1. The main suspects

Many causes of obesity have been suggested. The most popular is eating too much and moving too little.

Other suggested causes include our genes, some medical conditions (such as an underactive thyroid gland), some medications (including anti- depressants), emotional factors, age, alcohol and lack of sleep.

2. The test of time

A useful check for any suggested cause of obesity is the test of time. What has changed significantly since the early 1980’s, when obesity rates first began their rapid rise in the UK, which might potentially explain that rise? For example, human genes are unlikely to have changed significantly since the 1980’s. There may be some people with a pre-existing genetic predisposition to excess weight when food is plentifully available – but if so, it is the unprecedented availability of calories which is the trigger.

  • Levels of unhappiness, stress and depression among adults don’t seem to have risen significantly (despite media suggestions to the contrary). For example suicide rates have fallen in the UK for men and remained stable for women. 
  • Medical conditions such as an underactive thyroid have been associated with obesity. However, these conditions are unlikely to have become more common - and research suggests that it is the obesity which triggers thyroid problems rather than the other way round.  
  • Overall levels of physical activity have remained about the same. Work may now, on average, be more sedentary. However there has been an increase in leisure time physical activity – as seen in increased gym membership and the increased participation in marathons and fun runs.
  • Some research has suggested that lack of sleep is a factor and an analysis of published research found poorer quality of sleep associated with overweight and obesity. However, a cause and effect relationship between poor quality of sleep and obesity hasn't yet been established.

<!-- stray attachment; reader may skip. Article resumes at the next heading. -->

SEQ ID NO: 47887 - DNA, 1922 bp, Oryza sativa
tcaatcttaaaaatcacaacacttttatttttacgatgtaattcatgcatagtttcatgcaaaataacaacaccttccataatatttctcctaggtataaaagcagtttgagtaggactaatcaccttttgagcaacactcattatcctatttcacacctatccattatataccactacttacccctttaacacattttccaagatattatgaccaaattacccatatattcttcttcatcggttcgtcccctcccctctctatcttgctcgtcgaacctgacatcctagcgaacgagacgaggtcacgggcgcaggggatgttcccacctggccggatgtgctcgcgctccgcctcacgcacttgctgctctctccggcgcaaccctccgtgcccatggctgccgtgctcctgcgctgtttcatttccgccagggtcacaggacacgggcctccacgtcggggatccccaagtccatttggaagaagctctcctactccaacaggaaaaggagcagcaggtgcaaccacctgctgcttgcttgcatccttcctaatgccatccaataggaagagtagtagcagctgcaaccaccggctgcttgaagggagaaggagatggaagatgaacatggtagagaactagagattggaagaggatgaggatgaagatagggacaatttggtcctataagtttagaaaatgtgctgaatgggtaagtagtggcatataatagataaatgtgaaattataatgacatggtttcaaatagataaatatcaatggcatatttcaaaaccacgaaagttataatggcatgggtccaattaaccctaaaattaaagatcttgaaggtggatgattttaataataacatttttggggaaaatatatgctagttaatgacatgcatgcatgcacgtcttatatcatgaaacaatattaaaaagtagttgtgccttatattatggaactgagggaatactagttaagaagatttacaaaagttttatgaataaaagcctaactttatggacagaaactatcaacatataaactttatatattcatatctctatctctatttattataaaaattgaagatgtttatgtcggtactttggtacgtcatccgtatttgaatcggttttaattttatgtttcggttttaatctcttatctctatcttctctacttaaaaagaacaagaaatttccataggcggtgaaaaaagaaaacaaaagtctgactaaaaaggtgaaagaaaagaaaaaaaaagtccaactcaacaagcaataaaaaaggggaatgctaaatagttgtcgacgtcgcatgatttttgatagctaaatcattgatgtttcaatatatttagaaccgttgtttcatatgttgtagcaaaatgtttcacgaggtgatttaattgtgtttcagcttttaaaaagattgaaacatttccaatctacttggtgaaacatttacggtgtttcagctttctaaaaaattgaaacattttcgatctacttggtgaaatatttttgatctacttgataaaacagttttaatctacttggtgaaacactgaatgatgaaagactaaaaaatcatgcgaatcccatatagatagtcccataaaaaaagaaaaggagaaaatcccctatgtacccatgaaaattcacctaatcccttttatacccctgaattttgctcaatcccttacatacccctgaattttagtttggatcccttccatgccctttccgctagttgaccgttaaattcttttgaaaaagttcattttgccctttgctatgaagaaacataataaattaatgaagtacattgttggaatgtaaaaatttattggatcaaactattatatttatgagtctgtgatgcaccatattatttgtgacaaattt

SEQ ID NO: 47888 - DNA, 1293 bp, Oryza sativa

• There has been a significant increase in anti-depressant prescriptions (as opposed to diagnoses of depression) – and anti-depressant use is associated with an increase in weight gain. However, there isn't yet a proven cause and effect relationship and the most rapid increase in prescriptions occurred when levels of obesity were levelling off, suggesting this may be a factor for some individuals but is not a significant factor overall. 

3. The test of time – is alcohol a possible factor?

In the UK alcohol consumption rose during the 1980’s and 1990’s but has since reduced over the last ten years or so. This roughly correlates with obesity levels which rose during the 80’s and 90’s but have since begun to level off (but not fall).

Alcoholics are rarely overweight, as they tend to neglect eating and the alcohol affects the way their liver digests food. However, regular alcohol consumption alongside food tends to add ‘hidden calories’ so is a possible contributory factor.

4. What happens to us early in life

The way in which we experience the early months and years of life has also changed. For example, there are fewer natural births, lower rates of breastfeeding and, as obesity rates have risen, more babies being born to obese parents. Research has shown that early life exposures, particularly in the first 1000 days (from conception up to 2 years of age), are a critical period that can significantly influence a child’s weight and future risk of disease. Research also indicates that pregnant women who are obese face increased health risks themselves, as well as increasing the risk of their child becoming obese. 

5. The test of time – a significant change in what we eat and drink?

What we eat and drink, when, where and how have all seen significant changes since the early 1980’s, so could be a potential cause.

Examples include significant increases in: